I still remember bits and pieces of that experience, as if they happened to someone else. My skin and clothes were covered with dark coal dust. I’m quite fair, so my skin looked bruised from all the black dust.

I remember going home in a fog. My mind and body were numb. A few days later, I went to the only person in the world who I thought loved me, my adopted grandfather. He had been my only father figure from the age of three. He was the only source of affection in my life. His name was Danny. We were at his house almost every day. His wife was the only real grandmother that I had loved all my life. Lisa had gone to Christian boarding school with my maternal grandmother in the old country. My real grandmother was already dead.

Danny took care of the foreign language library in his wife’s Christian Orthodox Church. The church was across from their building. I went to him there after school, perhaps one or two days later, because I needed help. I didn’t go to my mother because I hated her. She had told me nothing about boys. I knew nothing about my own body, sex, or anything. I realized that I didn’t know how to protect myself against something that I didn’t know existed. I didn’t think that she would help me. She hadn’t helped me stop the Spanish girls, and this was worse. I thought that she would throw me out on the street. I was ashamed and very afraid. I had nowhere to go.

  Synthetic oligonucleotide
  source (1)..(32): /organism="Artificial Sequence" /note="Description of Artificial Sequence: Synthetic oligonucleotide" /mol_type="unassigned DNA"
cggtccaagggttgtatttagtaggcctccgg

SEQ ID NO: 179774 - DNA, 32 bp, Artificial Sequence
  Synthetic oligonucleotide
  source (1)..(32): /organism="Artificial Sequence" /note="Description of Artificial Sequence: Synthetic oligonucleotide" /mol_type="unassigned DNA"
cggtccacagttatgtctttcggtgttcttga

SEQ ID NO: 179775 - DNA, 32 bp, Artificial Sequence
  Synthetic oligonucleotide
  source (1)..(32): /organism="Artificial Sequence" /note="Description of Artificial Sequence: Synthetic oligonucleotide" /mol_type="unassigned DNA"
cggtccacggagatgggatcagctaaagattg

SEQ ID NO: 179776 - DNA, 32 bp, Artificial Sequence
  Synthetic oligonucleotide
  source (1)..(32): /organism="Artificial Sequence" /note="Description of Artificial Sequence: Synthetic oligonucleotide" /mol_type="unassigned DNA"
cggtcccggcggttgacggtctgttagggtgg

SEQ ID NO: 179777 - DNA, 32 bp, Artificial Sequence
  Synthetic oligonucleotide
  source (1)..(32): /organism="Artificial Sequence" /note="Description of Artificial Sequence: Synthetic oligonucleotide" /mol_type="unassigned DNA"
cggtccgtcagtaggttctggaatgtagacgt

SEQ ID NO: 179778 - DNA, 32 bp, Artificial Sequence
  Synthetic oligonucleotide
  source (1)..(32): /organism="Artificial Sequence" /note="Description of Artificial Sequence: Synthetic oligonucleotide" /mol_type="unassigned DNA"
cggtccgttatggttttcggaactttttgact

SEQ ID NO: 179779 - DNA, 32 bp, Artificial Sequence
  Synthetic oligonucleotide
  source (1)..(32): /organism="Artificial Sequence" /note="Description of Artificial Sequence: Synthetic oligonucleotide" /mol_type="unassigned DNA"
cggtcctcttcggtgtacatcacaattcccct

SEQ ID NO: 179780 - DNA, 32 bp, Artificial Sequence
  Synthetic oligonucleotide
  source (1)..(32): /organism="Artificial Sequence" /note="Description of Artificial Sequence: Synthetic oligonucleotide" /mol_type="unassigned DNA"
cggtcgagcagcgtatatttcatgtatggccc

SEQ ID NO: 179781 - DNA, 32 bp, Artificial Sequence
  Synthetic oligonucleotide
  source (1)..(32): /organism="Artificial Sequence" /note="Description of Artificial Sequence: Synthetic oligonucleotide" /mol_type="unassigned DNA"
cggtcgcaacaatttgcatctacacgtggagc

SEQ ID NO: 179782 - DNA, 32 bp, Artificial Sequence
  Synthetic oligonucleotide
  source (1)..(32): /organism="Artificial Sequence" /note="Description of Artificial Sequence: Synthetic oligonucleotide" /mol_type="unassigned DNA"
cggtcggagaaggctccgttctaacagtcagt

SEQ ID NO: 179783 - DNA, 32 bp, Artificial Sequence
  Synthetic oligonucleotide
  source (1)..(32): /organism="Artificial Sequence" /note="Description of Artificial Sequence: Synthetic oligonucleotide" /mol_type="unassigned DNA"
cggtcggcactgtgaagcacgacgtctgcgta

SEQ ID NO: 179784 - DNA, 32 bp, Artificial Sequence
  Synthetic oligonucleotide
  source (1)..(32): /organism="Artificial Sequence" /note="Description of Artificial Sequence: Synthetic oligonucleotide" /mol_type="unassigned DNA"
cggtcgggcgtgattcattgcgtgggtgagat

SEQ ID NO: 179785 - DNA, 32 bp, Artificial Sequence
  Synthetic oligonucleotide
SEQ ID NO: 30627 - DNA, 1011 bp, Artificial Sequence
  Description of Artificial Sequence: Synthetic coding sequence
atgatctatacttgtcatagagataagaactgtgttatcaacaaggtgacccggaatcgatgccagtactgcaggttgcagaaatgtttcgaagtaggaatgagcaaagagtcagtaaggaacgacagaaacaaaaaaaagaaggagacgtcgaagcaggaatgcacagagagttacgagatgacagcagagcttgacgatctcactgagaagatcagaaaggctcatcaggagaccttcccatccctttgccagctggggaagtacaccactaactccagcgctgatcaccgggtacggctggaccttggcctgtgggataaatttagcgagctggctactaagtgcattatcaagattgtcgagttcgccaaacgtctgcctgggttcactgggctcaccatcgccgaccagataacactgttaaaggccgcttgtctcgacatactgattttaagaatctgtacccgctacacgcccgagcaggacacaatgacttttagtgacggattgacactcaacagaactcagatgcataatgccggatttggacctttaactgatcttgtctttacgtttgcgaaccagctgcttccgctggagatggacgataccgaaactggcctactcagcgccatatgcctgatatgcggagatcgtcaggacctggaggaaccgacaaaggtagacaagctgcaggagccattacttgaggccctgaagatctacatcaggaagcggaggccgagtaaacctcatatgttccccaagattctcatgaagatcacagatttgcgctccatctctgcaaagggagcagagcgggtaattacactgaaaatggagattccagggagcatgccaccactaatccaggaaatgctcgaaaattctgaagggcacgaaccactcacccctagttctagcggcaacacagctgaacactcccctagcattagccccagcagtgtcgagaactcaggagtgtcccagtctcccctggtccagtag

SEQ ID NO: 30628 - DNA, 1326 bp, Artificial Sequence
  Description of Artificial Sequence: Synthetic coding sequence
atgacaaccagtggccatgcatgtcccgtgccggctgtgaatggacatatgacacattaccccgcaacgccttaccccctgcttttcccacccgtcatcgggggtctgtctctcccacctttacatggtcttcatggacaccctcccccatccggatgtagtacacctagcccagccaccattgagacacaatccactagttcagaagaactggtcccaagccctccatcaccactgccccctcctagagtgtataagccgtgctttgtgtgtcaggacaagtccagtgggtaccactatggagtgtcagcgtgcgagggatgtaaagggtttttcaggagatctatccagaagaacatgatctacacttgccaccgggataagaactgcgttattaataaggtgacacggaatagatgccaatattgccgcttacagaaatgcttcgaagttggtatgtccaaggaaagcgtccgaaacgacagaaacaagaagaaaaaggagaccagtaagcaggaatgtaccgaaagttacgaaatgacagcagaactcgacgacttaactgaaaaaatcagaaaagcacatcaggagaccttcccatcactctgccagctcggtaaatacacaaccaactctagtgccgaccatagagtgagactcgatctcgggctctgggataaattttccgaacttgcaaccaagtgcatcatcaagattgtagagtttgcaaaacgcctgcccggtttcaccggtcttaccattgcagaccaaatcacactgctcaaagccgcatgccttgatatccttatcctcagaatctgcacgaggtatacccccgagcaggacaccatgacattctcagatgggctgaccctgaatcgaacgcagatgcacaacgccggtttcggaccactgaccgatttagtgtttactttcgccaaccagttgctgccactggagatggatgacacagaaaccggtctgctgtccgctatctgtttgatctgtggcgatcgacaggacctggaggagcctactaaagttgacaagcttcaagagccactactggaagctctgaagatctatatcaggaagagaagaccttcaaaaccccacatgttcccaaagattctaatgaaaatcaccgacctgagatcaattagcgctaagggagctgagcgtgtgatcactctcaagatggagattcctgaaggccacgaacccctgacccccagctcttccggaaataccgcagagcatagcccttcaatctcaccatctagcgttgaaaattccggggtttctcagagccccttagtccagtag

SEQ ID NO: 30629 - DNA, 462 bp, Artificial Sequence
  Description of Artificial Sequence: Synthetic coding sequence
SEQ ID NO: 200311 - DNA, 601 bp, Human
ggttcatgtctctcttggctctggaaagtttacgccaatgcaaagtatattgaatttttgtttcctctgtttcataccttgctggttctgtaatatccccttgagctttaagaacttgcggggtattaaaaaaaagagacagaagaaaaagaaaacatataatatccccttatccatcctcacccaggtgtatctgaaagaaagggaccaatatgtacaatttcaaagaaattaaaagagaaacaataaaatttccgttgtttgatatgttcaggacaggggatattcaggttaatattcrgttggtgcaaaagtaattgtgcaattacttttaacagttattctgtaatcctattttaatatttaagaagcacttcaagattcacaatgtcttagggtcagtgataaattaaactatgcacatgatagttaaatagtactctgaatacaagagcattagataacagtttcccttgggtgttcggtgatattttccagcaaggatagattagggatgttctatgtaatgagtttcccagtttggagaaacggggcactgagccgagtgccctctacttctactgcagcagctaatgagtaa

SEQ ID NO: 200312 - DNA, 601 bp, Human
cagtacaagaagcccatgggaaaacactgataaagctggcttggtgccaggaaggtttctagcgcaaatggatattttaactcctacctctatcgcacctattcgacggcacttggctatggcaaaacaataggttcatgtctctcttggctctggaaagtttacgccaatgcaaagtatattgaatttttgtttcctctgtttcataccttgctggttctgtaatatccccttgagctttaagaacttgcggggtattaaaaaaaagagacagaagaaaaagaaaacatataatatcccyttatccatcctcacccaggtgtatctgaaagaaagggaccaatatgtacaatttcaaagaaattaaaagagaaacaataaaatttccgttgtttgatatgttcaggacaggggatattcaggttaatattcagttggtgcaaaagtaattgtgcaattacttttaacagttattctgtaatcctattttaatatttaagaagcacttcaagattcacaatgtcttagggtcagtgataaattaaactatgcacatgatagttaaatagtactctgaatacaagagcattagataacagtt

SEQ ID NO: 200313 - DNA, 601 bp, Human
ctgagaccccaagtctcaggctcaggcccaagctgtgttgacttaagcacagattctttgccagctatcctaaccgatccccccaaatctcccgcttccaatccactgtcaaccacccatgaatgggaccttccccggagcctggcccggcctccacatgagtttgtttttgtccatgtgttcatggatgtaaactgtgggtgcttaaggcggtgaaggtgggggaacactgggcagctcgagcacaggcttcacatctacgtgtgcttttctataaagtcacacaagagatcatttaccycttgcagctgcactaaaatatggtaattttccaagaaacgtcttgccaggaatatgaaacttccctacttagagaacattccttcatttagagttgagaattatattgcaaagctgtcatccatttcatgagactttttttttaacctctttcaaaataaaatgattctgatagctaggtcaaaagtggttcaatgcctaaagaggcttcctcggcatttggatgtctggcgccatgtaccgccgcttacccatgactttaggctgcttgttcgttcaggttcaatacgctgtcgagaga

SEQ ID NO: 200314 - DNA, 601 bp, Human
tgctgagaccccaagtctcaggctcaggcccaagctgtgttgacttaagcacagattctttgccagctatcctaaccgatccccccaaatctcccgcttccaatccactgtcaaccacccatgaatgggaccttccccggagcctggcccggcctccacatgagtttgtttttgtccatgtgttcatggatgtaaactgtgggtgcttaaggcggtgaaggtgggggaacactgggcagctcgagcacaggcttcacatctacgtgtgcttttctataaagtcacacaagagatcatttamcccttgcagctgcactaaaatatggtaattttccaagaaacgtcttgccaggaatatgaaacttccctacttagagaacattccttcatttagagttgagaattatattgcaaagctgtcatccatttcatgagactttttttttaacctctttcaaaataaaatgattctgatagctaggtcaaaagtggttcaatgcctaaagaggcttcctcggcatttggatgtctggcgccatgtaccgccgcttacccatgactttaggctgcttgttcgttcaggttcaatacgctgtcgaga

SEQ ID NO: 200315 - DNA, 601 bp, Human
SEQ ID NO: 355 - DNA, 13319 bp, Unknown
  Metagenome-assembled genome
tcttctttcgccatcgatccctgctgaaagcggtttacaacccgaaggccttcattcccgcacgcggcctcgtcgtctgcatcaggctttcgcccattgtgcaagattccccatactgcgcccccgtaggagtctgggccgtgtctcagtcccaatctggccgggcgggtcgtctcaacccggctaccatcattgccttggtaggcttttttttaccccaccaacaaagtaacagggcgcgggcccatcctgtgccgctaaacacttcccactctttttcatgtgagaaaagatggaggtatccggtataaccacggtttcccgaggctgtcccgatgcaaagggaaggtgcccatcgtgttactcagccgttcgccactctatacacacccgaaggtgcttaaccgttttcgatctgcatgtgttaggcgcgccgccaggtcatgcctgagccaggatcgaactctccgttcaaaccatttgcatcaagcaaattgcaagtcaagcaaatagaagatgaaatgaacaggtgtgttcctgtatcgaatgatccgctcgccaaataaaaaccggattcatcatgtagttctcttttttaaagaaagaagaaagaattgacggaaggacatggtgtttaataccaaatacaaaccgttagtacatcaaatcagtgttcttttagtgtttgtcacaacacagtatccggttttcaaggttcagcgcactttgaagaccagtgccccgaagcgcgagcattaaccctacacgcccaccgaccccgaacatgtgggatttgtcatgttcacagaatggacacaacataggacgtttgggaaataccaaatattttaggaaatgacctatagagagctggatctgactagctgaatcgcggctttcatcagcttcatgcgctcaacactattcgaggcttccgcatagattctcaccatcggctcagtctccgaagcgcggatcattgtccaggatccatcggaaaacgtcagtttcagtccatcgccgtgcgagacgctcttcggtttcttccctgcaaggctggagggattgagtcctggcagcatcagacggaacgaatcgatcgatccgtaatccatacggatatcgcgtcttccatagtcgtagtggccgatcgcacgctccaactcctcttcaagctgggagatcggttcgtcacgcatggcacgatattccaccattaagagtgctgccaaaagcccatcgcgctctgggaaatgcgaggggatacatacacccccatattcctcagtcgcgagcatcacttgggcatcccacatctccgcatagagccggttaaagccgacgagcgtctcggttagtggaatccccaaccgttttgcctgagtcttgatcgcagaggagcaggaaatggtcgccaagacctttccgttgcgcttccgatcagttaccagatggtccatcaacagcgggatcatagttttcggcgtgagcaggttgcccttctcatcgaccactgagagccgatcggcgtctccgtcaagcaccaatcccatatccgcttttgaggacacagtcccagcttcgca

So, I went to Danny. He was a tall, skinny, old man of 80 years. He listened. He comforted me. He told me to come back the next day. When I got there, he had hard-core pornographic articles for me to read. They were disgusting. They scared me. He told me, “This is what young men will do to you. They have diseases. They will get you pregnant. They will hurt you, like they already did. I won’t hurt you. I won’t get you pregnant. I won’t give you diseases. I am safe.” He had me sit on his lap. He started touching my body as if it was his.

“You are my queen. If Elizabeth Taylor would come to me, I would tell her to go away because I had my Nan.” (I looked like Elizabeth Taylor, except with brown eyes, before I was 30.)

This was in 1969, at the age of 12, between March and June; date rape, gang rape, and then molestation from the one person who I loved completely and trusted. Danny would continue his “love” until December 1976, when at age 20 I left home to live with my boyfriend from college.